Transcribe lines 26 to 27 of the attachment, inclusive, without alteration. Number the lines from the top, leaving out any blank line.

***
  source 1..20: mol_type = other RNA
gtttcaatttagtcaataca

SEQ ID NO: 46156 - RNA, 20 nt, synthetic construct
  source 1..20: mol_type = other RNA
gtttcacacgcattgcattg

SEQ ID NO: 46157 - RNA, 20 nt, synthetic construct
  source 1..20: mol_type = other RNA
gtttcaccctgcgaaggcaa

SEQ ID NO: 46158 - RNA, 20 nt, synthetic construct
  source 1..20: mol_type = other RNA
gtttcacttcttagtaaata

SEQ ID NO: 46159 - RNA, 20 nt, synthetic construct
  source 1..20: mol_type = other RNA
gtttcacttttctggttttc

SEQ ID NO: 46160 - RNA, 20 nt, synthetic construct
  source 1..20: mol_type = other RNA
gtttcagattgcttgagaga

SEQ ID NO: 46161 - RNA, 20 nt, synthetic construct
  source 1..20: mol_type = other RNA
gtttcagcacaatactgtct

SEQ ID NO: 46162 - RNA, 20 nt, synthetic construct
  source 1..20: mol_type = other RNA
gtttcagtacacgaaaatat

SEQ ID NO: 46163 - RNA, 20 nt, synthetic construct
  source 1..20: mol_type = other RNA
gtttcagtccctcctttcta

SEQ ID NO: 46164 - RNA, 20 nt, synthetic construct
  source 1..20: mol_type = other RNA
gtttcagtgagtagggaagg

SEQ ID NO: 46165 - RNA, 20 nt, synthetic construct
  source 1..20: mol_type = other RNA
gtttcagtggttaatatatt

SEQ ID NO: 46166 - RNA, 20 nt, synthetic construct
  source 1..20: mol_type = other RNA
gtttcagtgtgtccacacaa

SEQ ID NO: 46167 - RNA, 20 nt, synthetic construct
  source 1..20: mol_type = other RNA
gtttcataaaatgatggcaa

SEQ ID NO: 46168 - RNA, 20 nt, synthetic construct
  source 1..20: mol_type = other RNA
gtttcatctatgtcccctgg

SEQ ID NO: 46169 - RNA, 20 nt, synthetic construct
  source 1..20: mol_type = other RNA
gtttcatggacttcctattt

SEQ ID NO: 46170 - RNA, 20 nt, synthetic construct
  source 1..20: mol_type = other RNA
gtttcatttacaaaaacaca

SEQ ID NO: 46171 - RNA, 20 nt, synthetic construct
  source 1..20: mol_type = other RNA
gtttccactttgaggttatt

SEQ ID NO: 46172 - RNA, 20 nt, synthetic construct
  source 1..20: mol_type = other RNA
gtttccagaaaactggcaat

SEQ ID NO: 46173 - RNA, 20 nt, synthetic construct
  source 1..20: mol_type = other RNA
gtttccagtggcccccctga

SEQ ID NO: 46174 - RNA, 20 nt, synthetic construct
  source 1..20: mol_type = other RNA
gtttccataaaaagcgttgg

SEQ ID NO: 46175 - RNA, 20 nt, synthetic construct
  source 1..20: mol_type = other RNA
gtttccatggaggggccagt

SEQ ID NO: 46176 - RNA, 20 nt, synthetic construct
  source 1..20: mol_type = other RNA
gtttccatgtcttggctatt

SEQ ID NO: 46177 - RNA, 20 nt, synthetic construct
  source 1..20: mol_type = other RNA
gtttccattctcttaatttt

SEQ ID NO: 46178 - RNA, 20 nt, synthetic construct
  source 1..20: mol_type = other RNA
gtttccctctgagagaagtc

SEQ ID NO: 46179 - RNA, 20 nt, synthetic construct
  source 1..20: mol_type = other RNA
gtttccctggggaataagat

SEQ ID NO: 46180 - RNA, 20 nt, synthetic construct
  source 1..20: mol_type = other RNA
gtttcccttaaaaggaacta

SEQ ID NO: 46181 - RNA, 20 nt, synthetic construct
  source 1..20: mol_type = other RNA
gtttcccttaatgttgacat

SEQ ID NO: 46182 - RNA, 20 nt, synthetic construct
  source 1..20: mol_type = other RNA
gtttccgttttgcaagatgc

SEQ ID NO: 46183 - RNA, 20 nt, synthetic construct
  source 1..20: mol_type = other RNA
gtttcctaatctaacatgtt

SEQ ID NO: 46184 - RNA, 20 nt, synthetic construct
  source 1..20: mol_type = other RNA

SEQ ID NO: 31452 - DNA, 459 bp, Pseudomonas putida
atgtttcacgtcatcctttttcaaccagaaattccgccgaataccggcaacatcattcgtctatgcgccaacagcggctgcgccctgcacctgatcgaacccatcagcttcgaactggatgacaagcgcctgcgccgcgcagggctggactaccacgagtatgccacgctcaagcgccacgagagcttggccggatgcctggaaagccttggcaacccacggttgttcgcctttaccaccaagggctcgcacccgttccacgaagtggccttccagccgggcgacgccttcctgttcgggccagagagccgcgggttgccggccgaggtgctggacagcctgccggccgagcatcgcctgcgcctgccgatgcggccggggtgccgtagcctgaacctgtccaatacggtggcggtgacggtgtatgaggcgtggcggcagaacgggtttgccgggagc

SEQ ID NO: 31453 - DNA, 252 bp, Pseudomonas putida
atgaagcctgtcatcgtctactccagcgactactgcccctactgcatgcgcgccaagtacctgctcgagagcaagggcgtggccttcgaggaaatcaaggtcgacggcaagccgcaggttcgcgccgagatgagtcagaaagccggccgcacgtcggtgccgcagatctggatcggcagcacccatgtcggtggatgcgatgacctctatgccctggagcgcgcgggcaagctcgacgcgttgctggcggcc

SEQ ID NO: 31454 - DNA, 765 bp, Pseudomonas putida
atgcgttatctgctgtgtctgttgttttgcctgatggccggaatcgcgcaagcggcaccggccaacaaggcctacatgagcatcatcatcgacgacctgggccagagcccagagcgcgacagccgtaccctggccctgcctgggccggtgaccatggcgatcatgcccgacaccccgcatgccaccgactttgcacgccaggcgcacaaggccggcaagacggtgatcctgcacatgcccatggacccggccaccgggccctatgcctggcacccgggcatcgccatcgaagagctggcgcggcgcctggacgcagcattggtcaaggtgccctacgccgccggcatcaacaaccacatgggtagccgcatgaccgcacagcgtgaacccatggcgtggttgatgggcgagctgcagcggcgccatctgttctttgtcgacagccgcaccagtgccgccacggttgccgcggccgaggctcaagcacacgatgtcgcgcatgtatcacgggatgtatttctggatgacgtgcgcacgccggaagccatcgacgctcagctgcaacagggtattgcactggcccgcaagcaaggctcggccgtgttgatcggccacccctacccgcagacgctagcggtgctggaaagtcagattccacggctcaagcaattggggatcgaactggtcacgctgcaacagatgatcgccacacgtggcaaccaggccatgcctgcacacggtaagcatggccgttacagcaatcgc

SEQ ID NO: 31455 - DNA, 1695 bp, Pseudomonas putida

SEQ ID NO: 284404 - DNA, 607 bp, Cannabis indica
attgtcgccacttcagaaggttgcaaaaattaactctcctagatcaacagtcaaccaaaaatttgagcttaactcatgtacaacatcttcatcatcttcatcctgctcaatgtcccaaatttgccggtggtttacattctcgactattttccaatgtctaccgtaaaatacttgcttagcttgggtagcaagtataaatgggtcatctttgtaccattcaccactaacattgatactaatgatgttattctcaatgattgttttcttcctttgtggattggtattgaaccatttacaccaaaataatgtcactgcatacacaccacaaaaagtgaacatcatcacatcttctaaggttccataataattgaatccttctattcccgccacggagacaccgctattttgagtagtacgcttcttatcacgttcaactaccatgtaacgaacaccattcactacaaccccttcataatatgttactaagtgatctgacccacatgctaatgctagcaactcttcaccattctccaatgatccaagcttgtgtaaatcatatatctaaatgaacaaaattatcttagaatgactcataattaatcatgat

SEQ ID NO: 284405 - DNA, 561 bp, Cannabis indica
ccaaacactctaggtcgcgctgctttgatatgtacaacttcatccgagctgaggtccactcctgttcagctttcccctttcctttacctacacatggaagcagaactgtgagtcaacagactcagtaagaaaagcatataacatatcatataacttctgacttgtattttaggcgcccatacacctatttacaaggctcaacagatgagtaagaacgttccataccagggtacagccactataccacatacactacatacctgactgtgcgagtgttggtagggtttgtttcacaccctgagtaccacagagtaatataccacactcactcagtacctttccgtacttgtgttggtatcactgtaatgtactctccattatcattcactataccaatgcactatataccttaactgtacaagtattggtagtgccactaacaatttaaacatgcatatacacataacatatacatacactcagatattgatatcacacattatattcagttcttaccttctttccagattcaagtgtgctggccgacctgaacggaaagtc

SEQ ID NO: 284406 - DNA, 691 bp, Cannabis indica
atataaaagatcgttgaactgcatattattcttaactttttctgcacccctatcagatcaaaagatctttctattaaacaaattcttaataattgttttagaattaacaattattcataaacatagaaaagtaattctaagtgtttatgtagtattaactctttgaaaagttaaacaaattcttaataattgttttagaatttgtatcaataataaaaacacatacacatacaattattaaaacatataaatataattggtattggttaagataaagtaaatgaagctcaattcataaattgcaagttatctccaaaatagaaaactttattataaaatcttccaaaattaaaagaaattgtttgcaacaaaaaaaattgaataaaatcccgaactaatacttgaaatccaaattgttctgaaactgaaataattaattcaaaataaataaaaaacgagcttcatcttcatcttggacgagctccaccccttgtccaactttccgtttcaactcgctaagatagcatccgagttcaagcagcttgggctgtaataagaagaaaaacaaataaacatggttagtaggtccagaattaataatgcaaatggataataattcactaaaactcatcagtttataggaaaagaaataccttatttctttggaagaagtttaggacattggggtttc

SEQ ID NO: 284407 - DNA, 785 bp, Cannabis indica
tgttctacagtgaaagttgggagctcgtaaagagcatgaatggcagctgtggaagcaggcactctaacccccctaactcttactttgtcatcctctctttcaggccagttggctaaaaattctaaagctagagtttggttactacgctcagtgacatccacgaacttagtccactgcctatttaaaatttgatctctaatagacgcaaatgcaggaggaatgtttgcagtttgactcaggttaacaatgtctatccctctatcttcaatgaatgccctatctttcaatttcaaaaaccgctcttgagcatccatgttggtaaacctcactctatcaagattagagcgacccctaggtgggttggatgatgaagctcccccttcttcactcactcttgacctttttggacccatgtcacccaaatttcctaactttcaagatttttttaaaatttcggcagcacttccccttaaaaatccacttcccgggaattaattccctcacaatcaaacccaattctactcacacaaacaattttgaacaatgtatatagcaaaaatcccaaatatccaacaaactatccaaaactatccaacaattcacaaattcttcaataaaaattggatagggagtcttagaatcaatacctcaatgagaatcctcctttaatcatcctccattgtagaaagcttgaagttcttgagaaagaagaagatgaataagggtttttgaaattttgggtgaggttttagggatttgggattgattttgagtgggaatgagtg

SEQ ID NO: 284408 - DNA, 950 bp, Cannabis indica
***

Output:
gtttcagtccctcctttcta

SEQ ID NO: 46164 - RNA, 20 nt, synthetic construct